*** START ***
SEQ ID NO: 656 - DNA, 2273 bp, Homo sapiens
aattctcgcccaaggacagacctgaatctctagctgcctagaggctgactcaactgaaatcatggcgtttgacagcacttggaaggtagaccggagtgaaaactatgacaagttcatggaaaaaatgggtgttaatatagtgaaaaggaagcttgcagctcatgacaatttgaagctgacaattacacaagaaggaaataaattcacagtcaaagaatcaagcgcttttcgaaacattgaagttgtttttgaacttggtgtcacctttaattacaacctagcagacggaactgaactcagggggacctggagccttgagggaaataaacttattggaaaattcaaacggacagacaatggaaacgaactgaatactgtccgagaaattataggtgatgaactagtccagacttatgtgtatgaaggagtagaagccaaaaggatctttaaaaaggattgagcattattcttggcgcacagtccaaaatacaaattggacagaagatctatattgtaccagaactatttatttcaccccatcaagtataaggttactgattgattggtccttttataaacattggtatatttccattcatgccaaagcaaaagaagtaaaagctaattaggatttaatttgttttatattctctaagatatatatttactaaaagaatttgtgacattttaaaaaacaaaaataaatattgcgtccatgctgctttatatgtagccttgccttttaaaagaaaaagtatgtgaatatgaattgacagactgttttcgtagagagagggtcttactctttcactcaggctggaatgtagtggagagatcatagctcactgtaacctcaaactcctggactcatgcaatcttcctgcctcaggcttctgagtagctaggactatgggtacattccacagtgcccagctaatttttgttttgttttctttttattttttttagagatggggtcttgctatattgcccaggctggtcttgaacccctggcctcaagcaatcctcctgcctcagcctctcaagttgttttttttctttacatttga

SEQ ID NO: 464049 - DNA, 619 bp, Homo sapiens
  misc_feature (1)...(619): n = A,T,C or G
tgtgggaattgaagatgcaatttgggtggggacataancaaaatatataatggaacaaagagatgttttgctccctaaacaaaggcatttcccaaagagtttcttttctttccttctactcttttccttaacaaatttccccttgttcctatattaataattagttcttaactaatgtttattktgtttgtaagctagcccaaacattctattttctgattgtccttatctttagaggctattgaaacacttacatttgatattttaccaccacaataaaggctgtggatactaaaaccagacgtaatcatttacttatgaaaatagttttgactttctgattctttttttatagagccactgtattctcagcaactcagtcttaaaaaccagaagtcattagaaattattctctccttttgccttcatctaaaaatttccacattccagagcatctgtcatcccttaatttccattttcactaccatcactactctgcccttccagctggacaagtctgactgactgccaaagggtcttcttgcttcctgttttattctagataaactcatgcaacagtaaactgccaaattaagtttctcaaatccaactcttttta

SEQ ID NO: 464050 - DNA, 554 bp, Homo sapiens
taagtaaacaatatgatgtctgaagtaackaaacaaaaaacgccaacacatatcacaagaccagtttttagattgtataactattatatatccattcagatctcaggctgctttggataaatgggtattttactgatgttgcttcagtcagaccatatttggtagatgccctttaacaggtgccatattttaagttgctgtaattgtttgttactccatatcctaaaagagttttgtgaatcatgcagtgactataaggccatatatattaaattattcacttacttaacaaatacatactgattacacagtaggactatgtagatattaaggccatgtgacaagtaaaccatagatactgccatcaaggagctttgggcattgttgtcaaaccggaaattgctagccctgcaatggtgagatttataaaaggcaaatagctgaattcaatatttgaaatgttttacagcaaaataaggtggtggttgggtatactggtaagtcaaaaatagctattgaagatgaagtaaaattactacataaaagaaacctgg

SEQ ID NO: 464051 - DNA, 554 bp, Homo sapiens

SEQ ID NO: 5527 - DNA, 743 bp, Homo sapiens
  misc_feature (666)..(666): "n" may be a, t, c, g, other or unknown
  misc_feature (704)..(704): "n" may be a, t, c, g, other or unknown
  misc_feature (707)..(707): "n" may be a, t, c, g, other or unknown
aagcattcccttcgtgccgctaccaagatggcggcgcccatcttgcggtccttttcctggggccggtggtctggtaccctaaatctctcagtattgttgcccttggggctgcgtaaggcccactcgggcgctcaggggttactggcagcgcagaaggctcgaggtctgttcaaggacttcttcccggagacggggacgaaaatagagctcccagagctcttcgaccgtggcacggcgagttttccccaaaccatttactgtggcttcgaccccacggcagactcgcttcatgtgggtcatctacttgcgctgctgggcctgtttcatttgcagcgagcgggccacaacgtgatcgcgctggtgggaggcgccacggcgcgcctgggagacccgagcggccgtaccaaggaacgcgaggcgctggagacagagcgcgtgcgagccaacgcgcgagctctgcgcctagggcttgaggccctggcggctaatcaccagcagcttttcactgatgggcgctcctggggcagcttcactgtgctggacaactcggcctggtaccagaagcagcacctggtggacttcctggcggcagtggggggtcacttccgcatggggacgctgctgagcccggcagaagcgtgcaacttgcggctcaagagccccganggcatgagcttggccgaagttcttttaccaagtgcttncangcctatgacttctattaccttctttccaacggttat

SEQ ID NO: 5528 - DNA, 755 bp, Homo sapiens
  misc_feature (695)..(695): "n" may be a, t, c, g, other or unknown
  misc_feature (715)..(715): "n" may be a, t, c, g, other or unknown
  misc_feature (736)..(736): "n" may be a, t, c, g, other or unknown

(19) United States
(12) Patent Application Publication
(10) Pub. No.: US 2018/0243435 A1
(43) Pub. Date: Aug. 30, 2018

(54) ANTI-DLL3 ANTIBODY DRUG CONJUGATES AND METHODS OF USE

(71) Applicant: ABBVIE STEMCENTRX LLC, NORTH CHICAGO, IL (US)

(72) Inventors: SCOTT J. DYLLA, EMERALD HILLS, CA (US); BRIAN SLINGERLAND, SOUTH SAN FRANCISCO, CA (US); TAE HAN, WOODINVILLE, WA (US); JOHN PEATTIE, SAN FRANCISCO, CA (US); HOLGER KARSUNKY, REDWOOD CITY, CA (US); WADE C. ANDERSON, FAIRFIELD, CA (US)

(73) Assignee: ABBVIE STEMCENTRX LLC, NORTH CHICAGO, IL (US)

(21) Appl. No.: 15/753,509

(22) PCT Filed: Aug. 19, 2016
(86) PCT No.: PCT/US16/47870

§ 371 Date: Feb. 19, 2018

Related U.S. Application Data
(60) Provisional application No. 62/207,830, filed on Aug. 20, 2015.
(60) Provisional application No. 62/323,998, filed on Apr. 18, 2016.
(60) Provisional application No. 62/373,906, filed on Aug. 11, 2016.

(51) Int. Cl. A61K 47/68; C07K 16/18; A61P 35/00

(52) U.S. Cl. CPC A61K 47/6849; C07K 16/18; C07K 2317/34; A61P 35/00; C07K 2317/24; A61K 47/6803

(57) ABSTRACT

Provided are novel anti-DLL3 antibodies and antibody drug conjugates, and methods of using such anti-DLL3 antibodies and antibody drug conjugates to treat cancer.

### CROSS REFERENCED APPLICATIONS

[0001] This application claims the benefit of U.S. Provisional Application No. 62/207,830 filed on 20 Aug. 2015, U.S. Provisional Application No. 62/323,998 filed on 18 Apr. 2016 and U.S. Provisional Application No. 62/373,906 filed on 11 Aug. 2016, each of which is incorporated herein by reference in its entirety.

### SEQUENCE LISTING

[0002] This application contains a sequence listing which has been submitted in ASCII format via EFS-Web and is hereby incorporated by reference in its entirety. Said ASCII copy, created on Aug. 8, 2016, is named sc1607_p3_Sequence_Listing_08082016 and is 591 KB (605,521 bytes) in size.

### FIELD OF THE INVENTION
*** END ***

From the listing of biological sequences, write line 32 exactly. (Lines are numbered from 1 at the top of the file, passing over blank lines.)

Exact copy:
(60) Provisional application No. 62/323,998, filed on Apr. 18, 2016.